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New Zealand 'gun laws will change' after mass shooting at mosques, prime minister says

The suspected gunman acquired a gun license in November 2017 and had five firearms, the prime minister said.
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New Zealand Prime Minister Jacinda Ardern on Saturday said “our gun laws will change” after a mass shooting at two mosques in the city of Christchurch killed 49 people and wounded dozens more Friday.

Ardern said at a news conference that she was advised that the gunman had five firearms — two semi-automatic weapons, two shotguns and a lever-action firearm — and that he had acquired a gun license in November 2017.

"While work is being done as to the chain of events that led to both the holding of this gun license and the possession of these weapons, I can tell you one thing right now: Our gun laws will change," Ardern said.

She noted that there have been attempts to change the nation's gun laws in the past, most recently in 2017, but said "now is the time for change." She suggested she was looking at the issues around ownership of semi-automatic weapons.

One man, an Australian citizen, has been arrested and charged with murder in the attacks that authorities have called an unprecedented act of violence.

New Zealand police said the 28-year-old man appeared in Christchurch District Court on Saturday morning. Two U.S. officials briefed on the investigation have confirmed the suspect is Brenton Tarrant.

"While the man is currently facing only one charge, further charges will be laid," police tweeted. He was remanded without plea until his next appearance in the High Court on April 5, Reuters reported.

He had a gun license that allowed him to legally purchase the guns, Ardern said.

"As soon as New Zealanders hear that someone was legally able to acquire, as I'm advised, those weapons and carry out this event, that will raise enormous questions with our gun laws, and that is why we will respond swiftly," Ardern said.

She said a ban on semi-automatic weapons was "certainly one of the issues that I’m looking at with immediate effect."

"I've asked for advice yesterday on all of these questions,” she said.

Two other people were arrested, and “inquiries are ongoing to establish whether the other two who were arrested were directly involved with this incident,” Ardern said.

None of those apprehended had a criminal history in New Zealand or Australia, and they were not on watch lists in either country, she said.

Image: Police Raid Property Connected To Christchurch Mosque Terror Attack
Police investigate a property at Somerville Street in Dunedin, New Zealand on March 16, 2019.Dianne Manson / Getty Images

Officers responded to reports of shots fired Friday afternoon. The two mosques are about three miles apart, and the second mosque was attacked about 45 minutes after the first.

Ardern said the Australian citizen charged with murder had traveled the world and had “sporadically” been in and out of New Zealand. She said agencies would be piecing together his travel and the sequence of events that led to him getting a gun license.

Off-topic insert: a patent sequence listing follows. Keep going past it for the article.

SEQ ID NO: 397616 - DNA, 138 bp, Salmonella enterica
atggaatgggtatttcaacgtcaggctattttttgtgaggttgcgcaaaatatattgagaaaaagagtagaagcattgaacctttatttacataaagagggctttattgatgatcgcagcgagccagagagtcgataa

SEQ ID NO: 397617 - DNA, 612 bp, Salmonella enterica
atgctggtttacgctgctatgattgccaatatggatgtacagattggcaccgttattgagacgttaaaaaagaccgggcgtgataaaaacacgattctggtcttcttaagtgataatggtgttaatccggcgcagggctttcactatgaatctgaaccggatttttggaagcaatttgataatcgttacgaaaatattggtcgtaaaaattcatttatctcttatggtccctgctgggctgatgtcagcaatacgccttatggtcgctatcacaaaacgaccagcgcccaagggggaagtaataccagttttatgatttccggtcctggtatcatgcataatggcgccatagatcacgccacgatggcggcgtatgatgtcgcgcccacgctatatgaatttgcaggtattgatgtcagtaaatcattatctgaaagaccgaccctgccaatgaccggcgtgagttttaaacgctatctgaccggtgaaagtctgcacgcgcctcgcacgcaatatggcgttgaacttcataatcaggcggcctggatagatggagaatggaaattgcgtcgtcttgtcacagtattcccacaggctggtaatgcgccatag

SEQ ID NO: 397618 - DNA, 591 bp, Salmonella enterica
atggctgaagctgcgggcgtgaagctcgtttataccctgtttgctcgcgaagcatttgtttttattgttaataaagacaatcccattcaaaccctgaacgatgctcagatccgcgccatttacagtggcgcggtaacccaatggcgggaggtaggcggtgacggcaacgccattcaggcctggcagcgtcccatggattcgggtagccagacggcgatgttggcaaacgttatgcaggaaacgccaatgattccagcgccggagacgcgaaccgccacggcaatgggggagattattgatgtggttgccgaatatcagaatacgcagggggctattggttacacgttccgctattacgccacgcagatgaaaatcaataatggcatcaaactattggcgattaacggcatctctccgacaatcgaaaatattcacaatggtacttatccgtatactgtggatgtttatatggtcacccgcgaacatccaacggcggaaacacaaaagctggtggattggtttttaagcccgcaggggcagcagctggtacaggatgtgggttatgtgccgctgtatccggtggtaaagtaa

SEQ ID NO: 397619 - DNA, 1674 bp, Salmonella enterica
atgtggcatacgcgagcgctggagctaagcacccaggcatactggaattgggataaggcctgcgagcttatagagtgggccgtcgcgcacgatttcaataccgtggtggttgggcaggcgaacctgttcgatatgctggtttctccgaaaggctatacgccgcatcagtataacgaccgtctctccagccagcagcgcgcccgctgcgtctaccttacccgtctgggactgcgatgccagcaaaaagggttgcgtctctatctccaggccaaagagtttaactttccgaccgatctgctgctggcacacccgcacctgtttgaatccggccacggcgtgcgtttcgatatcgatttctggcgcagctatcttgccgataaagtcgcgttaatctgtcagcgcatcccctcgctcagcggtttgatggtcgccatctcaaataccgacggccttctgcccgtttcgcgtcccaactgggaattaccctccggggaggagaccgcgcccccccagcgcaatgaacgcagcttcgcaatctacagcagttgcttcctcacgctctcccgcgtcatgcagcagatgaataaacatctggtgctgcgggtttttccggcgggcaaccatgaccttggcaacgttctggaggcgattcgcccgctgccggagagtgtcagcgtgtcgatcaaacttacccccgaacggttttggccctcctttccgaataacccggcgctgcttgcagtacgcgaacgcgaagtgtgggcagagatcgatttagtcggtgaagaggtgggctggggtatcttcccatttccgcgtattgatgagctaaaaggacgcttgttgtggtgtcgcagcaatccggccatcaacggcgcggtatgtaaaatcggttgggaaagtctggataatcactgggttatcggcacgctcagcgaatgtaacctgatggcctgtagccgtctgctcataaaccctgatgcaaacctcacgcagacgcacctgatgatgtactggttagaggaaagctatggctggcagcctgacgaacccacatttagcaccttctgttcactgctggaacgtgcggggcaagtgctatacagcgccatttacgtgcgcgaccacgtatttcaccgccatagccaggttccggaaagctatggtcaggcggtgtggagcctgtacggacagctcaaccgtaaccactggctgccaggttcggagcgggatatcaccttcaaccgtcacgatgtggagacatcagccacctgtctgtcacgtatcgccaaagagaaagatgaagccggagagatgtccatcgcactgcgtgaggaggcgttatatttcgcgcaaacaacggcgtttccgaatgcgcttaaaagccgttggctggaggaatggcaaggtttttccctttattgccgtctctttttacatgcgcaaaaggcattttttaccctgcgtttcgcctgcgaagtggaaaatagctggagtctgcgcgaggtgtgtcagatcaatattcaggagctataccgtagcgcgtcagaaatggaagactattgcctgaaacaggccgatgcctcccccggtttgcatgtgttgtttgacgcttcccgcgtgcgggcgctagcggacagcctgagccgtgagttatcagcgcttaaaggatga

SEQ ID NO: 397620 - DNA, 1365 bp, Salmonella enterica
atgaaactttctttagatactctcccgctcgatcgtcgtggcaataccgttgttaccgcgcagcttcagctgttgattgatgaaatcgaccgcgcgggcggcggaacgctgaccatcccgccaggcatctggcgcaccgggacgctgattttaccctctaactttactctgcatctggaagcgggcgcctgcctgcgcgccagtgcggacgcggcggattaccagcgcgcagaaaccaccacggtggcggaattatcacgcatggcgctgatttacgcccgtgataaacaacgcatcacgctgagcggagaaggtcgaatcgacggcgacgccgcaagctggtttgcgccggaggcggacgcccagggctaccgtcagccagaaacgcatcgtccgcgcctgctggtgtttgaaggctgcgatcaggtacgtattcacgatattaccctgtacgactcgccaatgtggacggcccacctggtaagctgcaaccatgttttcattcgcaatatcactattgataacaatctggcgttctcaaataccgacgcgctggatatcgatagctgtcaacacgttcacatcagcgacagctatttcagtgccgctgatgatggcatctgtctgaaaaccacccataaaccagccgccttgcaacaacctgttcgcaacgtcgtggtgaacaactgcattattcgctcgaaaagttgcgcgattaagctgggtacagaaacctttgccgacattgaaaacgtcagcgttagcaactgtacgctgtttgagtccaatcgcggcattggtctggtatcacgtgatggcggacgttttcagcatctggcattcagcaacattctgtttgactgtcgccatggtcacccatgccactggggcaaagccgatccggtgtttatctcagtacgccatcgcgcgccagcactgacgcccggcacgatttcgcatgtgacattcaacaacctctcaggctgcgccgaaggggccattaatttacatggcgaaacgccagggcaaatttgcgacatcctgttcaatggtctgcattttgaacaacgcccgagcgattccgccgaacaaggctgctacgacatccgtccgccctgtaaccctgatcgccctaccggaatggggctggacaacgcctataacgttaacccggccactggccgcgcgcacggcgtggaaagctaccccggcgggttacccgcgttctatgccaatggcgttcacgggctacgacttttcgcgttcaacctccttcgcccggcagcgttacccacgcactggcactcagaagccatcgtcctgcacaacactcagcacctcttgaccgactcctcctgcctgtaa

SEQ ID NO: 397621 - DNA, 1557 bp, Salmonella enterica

The prime minister said that the man got the license in November 2017 and began purchasing the guns the following month.

He has been described by officials as a "right-wing extremist terrorist," and appeared to post a lengthy manifesto before the attack detailing his white-supremacist worldview.

Australia bought back firearms and tightened rules on gun ownership in 1996 after a mass shooting in which 35 people were killed and 23 injured at a cafe in Port Arthur, Tasmania.

Asked whether she supported a similar buy-back program, Ardern said it was too early to say.

New Zealand Police Commissioner Mike Bush said Saturday afternoon that "I was very happy to hear the prime minister's comments this morning that there will be a change in the gun law, but I can't say any more than that."

A fourth person taken into custody after Friday's shootings in Christchurch "was a member of the public who was in possession of a firearm, but with the intention of assisting police," Ardern said. That person has been released.

Forty-nine people were killed in the attack: 41 died at one mosque, seven at another and one person has since died in hospital, Ardern said.

Dozens were injured. By Saturday afternoon, Christchurch Hospital still had 39 injured patients, including 11 patients considered critically ill in the intensive care unit, according to Greg Robertson, chief of surgery. A 4-year-old was transported to a hospital in Auckland in a critical condition, he said.

Most of those admitted were men between 30 and 40 years old, but those in the hospital also include two boys, aged 2 and 13, who are considered stable, he said.

Injuries ranged from relatively superficial to injuries to the head, abdomen and chest. Many will require multiple treatments to deal with their complex injuries, he said.

"Clearly, we are worried about a number of the patients by calling them critically ill," said Robertson.

Christchurch Mayor Lianne Dalziel said Saturday that the city was doing all it could to provide support for the victims' families, including helping with funeral arrangements and places for their loved ones to be buried.

“We are talking about people in this city who have lived here for years and years and years,” she said. "They are our friends, they are our neighbors. We embrace them at this time."

She said of the suspected killer: “His was the voice of hate, and the only way that communities can respond to the voice of hate is to come together in love, compassion and kindness."